Returns:
            int: the result of the mathematical calculation.

        Raises:
            ValueError: if `first_number` or `second_number` cannot be cast
                to ``int``.  Also raised if `operation` is invalid.

        Examples:
            >>> doc_test = DocTest()
            >>> doc_test.calculate(1, 2)
            3
            >>> doc_test.calculate(2, 2, operation='/')
            1
            >>> doc_test.calculate(4, 6, operation='*')
            24
            >>> doc_test.calculate(8, 2, operation='**')
            64
            >>> doc_test.calculate(12, 3, operation='-')
            9
            >>> doc_test.calculate(
            ... 'hodor', 5) # doctest: +IGNORE_EXCEPTION_DETAIL
            Traceback (most recent call last):
            ...
            ValueError
        """

        first_number = int(first_number)
        second_number = int(second_number)
        if operation == '+':
            result = first_number + second_number
        elif operation == '-':
            result = first_number - second_number
        elif operation == '*':
            result = first_number * second_number
        elif operation == '/':
            result = first_number / second_number
        elif operation == '**':
            result = first_number ** second_number
        else:
            raise ValueError('Invalid operation: {}'.format(operation))
        return int(result)

This should be entirely self-documenting. There is an object and two methods. You can even see how the object is instantiated from the doctest sections alone (they’re under the Examples section).

From this, you can see that you can also test exceptions. You can use a special doctest directive to ignore the details of the exception (since those will almost always vary) and instead match the fact that an exception was raised and that it was of the correct type.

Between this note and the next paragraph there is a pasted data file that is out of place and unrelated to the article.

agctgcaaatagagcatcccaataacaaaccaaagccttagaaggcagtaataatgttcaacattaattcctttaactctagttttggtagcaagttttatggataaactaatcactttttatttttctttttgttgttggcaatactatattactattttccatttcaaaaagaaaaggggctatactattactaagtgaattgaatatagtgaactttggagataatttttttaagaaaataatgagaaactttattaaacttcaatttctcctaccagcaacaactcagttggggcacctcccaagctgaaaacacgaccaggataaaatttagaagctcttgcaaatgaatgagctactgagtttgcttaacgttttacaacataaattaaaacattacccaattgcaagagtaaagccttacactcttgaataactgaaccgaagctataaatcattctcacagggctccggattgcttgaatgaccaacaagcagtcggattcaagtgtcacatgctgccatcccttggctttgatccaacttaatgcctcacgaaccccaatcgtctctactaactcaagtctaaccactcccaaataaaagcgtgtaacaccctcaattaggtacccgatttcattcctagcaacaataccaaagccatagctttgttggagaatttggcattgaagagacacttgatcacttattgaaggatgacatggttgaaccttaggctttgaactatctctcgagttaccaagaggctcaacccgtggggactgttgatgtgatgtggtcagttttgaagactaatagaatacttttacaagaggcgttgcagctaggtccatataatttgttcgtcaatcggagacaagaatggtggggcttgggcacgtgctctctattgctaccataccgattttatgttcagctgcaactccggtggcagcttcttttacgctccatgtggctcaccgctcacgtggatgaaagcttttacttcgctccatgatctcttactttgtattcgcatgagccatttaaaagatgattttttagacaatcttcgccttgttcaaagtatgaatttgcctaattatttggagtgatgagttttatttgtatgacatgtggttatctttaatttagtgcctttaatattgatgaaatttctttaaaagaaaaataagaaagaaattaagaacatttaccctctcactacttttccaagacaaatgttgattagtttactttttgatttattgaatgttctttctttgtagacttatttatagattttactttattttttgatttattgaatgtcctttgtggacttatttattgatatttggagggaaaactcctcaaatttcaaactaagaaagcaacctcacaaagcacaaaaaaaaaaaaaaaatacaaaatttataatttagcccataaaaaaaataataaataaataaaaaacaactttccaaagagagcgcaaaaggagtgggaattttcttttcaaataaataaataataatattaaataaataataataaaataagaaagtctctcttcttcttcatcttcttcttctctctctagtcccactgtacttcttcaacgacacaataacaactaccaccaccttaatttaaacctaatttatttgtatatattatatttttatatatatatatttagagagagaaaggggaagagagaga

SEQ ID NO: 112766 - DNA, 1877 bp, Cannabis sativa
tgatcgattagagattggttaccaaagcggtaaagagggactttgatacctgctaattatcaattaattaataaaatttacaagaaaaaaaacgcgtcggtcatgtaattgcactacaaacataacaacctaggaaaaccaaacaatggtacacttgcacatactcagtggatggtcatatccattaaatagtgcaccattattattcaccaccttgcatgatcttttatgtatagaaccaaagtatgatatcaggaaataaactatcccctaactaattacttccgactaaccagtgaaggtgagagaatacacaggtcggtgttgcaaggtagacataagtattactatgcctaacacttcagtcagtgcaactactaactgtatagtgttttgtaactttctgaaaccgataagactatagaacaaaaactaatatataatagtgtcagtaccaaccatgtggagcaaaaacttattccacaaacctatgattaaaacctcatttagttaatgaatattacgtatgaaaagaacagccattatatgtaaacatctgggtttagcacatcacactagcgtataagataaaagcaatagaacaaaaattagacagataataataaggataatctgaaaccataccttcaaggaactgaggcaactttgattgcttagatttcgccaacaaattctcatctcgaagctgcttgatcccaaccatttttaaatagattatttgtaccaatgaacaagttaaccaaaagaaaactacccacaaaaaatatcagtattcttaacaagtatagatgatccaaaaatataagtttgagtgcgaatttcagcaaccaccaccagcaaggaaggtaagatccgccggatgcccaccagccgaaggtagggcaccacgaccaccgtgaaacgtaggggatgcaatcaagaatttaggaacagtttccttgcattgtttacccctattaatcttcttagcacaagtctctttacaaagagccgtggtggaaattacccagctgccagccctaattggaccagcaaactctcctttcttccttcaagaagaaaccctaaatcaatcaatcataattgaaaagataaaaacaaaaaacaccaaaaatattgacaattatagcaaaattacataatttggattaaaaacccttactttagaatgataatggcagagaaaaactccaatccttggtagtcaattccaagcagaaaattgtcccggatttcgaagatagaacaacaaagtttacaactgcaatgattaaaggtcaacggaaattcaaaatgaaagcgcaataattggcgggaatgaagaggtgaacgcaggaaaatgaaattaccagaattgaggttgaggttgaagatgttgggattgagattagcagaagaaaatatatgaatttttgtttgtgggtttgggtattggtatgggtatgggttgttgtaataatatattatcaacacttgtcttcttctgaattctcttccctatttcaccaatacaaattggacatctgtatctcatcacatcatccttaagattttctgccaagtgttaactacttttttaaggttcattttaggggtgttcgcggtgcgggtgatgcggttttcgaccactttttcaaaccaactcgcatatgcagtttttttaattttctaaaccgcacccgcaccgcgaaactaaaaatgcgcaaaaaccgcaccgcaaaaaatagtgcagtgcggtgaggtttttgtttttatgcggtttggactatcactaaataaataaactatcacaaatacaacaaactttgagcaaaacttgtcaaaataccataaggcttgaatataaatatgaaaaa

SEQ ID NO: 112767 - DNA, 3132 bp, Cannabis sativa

Why doctest?

If you’re familiar with unit tests, you may be asking what good doctests are. The answer is pretty simple: documenting the usage of your code in docstrings gives you free tests. Consumers of your code will thank you because they can see examples of how to use your code…and know that those examples are valid and working (instead of missing a letter or space here or there). You will thank yourself because fewer issues will be raised saying that your documentation sucks and the examples don’t work.

If you’re not familiar with unit tests, I’ll be covering them in a future blog post.

Why NOT doctest?

doctest is not a good method for writing unit tests. They’re ugly to read when they get complicated, and they won’t cover everything without being really, really, really long. Another downside? doctest treats the entire test as a single test instead of as multiple tests. So if you look at the docstring test for DocTest.calculate, you’ll see that I’m testing for several things–correct answers, operations, exceptions–but they’re all seen as a single test. Although using the python -m doctest -v syntax for running the test will give you some insight as to where exactly the failure happens, other testing frameworks won’t. And if you’re collecting metrics on failed tests, it’s obviously going to make things look awful when only a single portion of your doctest fails.

Bottom Line

Do not use doctest as a replacement for unit tests. Write unit tests! Use doctest as a way to test your documentation and examples. Users will thank you.